High End NBA Card Packaging = Russian Dolls

I pay a lot of attention to the packaging of hobby products. In fact as a kid I based my pack purchases solely on this aspect.

Now I’d been away from NBA cards for more than 12 years and just recently got back into it late this year (2010). Back in the day, there were only a handful of brands from the 4 main manufacturers, Fleer, Skybox, Topps & Upper Deck. The most expensive products then were Topps Finest & the Skybox E-X releases. Game-used jersey cards were next to impossible to find and only Skybox products offered autographed pulls on relatively easy odds via their cross-brand Autographics inserts. So upon my glorious return to collecting, I discover that GU cards and AUTOS are pretty commonplace especially if one buys high-end products.

I am aware that the hobby demanded these premium cards and were very much OK to shell out the big bucks for them. High end cards sure look tasty and the card stock used is 4-5 times thicker than what I’d been used to. Then I watched a few box-breaks on youtube and I have to say I was pretty disgusted when I discovered how these products are packaged. For example we have the Exquisite Collection from Upper Deck. You have seven cards inside a cushioned box wrapped in plastic. This box sits inside a tin container which is inside another cushioned box again wrapped in plastic. Everything then is contained in yet another bigger cardboard box wrapped in plastic! What a shameful waste of materials! In this age of eco-friendliness and consciousness, how can we stand by this travesty? Is all this necessary to make consumers feel they are getting the appropriate bang for their buck? I think not.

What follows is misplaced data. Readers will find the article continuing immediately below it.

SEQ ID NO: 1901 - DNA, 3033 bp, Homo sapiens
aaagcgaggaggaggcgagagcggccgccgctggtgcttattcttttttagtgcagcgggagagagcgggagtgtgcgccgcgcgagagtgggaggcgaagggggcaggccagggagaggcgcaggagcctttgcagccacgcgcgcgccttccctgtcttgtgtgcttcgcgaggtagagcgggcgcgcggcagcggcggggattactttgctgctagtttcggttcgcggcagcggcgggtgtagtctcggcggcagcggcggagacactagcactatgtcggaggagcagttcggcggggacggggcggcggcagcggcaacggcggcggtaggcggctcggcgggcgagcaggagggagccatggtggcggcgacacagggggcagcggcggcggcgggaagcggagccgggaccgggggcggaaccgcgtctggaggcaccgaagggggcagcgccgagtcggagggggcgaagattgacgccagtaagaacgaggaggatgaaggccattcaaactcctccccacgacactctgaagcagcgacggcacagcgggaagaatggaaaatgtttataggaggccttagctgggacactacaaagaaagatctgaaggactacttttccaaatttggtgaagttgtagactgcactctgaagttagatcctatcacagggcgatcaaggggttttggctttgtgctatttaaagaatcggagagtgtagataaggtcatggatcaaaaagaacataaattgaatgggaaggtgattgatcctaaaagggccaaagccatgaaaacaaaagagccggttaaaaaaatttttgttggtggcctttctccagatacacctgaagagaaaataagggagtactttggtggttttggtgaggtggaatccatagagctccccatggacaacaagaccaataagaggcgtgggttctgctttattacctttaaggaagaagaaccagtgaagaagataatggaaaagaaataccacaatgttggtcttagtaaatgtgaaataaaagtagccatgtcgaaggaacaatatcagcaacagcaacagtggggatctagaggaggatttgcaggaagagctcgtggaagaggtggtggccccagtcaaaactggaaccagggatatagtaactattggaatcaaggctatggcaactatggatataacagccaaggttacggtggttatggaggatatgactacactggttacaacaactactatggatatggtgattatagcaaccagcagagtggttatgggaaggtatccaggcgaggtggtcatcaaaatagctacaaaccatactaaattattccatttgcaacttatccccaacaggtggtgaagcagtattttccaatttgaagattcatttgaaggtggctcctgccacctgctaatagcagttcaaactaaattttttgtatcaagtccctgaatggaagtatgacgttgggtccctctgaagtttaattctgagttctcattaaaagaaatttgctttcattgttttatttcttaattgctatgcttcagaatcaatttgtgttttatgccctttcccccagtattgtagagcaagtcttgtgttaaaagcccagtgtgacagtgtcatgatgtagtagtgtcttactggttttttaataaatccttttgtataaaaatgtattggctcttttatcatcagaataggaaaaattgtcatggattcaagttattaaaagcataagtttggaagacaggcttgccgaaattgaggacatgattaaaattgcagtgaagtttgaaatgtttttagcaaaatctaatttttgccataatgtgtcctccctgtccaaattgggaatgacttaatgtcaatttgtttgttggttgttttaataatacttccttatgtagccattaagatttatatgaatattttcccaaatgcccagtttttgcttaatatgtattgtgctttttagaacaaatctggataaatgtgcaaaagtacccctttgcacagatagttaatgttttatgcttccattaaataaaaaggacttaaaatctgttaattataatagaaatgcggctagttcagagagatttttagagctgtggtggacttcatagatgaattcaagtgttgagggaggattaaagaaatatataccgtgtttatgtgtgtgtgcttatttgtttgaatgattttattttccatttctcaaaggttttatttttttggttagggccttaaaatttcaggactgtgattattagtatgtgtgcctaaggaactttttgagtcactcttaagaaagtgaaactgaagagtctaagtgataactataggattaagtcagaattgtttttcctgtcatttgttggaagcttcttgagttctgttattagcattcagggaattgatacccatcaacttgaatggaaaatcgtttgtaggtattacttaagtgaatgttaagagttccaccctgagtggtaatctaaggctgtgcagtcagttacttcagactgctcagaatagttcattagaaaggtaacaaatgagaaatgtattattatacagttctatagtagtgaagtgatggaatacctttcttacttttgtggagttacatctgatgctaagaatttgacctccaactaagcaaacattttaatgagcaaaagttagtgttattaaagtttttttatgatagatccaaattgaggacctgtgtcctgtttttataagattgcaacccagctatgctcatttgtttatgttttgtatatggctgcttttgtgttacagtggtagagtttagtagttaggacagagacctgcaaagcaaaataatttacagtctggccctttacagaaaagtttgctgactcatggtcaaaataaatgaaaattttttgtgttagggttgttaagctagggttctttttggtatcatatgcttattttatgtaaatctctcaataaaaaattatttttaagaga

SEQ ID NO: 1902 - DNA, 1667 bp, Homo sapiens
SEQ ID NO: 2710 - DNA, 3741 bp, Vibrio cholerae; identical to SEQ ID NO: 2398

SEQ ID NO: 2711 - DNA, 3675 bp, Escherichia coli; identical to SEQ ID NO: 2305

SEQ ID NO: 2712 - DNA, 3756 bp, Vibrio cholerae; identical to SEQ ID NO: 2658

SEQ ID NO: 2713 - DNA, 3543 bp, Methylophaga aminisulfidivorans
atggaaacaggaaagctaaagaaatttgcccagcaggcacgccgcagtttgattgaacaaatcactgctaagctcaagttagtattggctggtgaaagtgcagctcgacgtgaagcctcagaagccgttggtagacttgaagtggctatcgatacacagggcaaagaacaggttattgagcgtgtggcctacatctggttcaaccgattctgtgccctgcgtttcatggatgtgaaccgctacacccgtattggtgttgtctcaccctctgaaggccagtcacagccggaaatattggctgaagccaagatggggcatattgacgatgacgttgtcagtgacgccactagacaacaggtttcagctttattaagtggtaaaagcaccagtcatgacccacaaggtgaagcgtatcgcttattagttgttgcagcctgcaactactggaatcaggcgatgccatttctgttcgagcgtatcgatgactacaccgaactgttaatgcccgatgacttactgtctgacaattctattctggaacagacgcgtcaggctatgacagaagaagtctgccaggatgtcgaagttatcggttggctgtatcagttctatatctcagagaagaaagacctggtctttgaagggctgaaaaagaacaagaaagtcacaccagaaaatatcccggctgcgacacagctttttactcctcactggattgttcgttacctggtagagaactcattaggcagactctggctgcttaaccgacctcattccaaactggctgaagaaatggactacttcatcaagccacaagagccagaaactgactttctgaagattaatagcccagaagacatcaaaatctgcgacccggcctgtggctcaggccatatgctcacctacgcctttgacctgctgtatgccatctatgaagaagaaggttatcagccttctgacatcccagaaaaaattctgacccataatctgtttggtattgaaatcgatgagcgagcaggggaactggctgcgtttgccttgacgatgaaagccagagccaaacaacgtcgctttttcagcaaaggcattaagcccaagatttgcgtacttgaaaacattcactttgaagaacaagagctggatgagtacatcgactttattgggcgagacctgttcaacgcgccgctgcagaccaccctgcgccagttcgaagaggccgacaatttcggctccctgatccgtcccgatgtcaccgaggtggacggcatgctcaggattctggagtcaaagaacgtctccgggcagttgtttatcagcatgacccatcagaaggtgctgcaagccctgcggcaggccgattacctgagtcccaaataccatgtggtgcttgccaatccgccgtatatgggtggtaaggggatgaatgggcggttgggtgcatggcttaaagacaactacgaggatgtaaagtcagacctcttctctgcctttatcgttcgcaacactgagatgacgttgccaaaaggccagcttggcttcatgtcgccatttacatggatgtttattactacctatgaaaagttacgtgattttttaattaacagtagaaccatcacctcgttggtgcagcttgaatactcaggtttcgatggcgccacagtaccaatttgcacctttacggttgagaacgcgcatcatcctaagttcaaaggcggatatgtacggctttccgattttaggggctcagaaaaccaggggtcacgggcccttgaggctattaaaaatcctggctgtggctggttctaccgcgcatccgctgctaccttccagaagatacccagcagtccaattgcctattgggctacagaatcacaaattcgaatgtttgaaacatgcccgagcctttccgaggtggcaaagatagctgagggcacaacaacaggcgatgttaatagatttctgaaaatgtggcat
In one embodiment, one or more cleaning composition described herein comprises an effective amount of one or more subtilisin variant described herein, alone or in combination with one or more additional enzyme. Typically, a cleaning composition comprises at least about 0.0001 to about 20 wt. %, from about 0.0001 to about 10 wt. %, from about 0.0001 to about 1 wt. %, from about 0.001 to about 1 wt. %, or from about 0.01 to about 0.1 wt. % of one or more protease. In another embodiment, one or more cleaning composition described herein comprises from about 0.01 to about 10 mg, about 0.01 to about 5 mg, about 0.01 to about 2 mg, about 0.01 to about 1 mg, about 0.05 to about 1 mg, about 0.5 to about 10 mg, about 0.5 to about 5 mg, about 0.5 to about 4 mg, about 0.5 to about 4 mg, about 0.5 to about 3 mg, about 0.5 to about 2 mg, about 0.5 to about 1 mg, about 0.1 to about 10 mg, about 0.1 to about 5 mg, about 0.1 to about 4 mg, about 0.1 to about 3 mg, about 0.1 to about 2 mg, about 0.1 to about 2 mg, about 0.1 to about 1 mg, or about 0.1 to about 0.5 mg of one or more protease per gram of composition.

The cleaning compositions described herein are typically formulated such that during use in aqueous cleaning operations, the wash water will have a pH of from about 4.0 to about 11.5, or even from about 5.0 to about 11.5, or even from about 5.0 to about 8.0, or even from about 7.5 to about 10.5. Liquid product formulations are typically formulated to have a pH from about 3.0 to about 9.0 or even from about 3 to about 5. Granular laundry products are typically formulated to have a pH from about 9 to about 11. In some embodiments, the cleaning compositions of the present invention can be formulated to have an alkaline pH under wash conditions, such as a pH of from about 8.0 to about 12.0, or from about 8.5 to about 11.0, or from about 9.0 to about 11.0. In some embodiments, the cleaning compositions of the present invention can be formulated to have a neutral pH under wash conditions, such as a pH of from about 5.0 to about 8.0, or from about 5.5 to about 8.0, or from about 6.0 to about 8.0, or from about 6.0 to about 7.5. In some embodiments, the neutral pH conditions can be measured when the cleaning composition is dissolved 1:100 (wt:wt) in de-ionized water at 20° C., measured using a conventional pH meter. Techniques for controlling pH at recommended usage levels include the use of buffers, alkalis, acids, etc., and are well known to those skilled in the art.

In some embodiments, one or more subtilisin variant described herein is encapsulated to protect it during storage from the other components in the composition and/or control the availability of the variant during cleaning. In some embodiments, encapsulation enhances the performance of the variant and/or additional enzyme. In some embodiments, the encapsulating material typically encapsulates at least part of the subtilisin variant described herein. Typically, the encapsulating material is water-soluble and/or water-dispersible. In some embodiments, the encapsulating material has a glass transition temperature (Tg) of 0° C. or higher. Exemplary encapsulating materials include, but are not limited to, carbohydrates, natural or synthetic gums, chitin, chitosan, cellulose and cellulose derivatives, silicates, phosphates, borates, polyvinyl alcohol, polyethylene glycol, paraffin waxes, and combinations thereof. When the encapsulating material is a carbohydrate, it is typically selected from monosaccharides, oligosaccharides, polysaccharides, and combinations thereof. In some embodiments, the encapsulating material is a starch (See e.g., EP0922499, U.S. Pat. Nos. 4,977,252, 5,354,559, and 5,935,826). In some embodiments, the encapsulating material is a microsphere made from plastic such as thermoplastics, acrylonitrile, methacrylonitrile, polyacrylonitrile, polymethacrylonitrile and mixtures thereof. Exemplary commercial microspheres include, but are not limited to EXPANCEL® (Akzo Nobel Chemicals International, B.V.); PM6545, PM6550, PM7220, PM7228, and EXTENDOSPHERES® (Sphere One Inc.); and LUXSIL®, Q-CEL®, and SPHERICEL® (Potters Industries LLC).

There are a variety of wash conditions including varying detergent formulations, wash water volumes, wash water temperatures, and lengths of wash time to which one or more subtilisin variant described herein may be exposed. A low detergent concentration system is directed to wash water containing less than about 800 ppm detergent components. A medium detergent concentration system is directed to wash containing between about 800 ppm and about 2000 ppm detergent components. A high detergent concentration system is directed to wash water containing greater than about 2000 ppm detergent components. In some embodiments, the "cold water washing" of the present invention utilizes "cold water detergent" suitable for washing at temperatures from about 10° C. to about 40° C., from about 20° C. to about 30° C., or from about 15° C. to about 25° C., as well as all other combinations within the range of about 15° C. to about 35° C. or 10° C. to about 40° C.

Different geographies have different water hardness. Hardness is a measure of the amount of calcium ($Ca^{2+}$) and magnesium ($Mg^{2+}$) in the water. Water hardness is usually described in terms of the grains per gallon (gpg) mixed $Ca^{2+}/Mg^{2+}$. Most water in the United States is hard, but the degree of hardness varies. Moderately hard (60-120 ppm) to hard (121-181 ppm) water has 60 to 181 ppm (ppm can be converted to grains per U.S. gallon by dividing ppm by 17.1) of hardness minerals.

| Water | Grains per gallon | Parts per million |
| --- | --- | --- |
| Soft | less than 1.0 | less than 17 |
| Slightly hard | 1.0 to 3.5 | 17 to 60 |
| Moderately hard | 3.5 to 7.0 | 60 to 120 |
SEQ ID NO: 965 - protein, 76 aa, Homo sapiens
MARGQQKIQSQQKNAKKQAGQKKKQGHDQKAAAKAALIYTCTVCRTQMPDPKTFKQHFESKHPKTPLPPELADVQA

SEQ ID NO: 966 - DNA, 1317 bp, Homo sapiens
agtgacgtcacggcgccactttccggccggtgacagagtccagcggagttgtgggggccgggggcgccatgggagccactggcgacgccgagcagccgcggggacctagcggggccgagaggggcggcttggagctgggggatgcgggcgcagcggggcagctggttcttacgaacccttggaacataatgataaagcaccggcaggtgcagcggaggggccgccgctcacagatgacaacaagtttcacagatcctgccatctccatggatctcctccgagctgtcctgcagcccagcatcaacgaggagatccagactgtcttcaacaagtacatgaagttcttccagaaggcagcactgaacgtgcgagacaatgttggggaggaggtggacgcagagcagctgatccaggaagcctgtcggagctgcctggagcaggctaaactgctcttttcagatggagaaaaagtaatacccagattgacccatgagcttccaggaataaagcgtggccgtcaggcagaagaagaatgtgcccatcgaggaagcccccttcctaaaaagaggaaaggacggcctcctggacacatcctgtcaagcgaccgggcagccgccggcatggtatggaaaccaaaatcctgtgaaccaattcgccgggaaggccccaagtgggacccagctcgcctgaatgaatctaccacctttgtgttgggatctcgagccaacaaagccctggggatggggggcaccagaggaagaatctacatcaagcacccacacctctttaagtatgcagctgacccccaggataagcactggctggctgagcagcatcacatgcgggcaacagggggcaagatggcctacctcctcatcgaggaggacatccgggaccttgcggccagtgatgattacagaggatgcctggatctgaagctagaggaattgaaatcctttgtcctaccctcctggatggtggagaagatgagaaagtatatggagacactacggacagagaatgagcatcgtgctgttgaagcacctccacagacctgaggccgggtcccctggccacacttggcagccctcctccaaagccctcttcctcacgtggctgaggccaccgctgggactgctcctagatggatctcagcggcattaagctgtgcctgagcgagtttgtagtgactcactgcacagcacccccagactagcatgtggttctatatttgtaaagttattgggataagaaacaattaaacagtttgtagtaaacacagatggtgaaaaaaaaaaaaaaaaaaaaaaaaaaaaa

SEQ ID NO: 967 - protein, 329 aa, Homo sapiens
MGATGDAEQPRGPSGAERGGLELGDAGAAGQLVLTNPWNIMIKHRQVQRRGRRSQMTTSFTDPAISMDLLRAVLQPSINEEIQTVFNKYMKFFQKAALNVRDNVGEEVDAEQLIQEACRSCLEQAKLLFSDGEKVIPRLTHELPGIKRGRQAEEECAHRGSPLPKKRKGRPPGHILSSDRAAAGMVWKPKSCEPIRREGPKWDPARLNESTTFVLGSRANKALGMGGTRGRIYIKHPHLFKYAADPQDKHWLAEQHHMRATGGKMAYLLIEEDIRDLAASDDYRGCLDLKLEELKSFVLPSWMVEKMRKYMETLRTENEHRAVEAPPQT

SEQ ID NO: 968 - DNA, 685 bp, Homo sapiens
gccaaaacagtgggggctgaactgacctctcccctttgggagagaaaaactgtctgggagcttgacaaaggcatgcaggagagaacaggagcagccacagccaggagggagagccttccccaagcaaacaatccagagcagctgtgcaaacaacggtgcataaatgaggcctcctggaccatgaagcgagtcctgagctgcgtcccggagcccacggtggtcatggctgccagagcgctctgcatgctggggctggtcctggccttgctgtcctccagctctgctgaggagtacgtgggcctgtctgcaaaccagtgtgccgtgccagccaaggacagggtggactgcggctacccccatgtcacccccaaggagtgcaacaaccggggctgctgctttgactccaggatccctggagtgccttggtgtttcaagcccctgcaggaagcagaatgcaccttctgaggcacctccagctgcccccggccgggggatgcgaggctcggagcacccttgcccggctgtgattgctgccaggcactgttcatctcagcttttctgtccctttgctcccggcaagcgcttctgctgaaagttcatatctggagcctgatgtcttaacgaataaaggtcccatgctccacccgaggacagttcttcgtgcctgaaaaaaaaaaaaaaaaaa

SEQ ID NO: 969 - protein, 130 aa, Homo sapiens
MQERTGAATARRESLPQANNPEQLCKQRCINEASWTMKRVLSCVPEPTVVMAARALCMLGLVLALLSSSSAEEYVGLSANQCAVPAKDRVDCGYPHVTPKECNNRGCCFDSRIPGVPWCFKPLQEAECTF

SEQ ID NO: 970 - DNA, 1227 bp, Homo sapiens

Hehe. Geddit?

I say Panini and the rest should set an example by being a little more ‘green’ and conserve on packaging which will no doubt lead to lower prices and “de-alienating” the rest of the hobby folk from the high end releases. Even if they choose to maintain the high prices, I wish they’d show more responsibility and maybe use recycled materials. Another idea would be to run a redemption program and let customers return the packaging in exchange for collectibles or cards.

Disclaimer: I am not a hippie nor a tree-hugger. I just care.

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